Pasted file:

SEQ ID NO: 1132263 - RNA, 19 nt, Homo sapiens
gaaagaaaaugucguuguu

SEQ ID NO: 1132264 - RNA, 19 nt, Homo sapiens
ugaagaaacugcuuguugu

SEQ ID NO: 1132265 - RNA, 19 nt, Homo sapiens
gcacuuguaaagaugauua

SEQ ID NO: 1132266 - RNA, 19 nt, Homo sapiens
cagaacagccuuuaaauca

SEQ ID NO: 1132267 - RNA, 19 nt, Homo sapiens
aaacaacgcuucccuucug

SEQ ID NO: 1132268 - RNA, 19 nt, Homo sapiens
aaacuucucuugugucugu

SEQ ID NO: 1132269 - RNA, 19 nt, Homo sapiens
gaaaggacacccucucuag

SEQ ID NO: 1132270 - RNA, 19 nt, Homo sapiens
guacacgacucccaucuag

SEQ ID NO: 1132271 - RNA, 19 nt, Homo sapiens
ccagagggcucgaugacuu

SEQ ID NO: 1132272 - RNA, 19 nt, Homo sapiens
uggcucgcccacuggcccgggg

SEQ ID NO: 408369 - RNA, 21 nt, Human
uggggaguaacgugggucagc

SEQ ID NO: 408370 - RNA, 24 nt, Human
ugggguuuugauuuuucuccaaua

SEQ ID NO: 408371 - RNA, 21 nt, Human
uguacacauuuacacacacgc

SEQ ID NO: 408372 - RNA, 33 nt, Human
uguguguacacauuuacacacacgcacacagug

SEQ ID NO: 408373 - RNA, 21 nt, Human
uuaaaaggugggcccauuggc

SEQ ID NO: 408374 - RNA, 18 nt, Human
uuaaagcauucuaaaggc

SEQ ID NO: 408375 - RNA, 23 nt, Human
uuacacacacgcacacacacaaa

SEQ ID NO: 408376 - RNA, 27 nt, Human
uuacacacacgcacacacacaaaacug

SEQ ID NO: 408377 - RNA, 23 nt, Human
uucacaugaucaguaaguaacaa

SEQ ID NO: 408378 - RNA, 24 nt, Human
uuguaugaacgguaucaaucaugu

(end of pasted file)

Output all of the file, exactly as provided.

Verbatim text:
SEQ ID NO: 1132263 - RNA, 19 nt, Homo sapiens
gaaagaaaaugucguuguu

SEQ ID NO: 1132264 - RNA, 19 nt, Homo sapiens
ugaagaaacugcuuguugu

SEQ ID NO: 1132265 - RNA, 19 nt, Homo sapiens
gcacuuguaaagaugauua

SEQ ID NO: 1132266 - RNA, 19 nt, Homo sapiens
cagaacagccuuuaaauca

SEQ ID NO: 1132267 - RNA, 19 nt, Homo sapiens
aaacaacgcuucccuucug

SEQ ID NO: 1132268 - RNA, 19 nt, Homo sapiens
aaacuucucuugugucugu

SEQ ID NO: 1132269 - RNA, 19 nt, Homo sapiens
gaaaggacacccucucuag

SEQ ID NO: 1132270 - RNA, 19 nt, Homo sapiens
guacacgacucccaucuag

SEQ ID NO: 1132271 - RNA, 19 nt, Homo sapiens
ccagagggcucgaugacuu

SEQ ID NO: 1132272 - RNA, 19 nt, Homo sapiens
uggcucgcccacuggcccgggg

SEQ ID NO: 408369 - RNA, 21 nt, Human
uggggaguaacgugggucagc

SEQ ID NO: 408370 - RNA, 24 nt, Human
ugggguuuugauuuuucuccaaua

SEQ ID NO: 408371 - RNA, 21 nt, Human
uguacacauuuacacacacgc

SEQ ID NO: 408372 - RNA, 33 nt, Human
uguguguacacauuuacacacacgcacacagug

SEQ ID NO: 408373 - RNA, 21 nt, Human
uuaaaaggugggcccauuggc

SEQ ID NO: 408374 - RNA, 18 nt, Human
uuaaagcauucuaaaggc

SEQ ID NO: 408375 - RNA, 23 nt, Human
uuacacacacgcacacacacaaa

SEQ ID NO: 408376 - RNA, 27 nt, Human
uuacacacacgcacacacacaaaacug

SEQ ID NO: 408377 - RNA, 23 nt, Human
uucacaugaucaguaaguaacaa

SEQ ID NO: 408378 - RNA, 24 nt, Human
uuguaugaacgguaucaaucaugu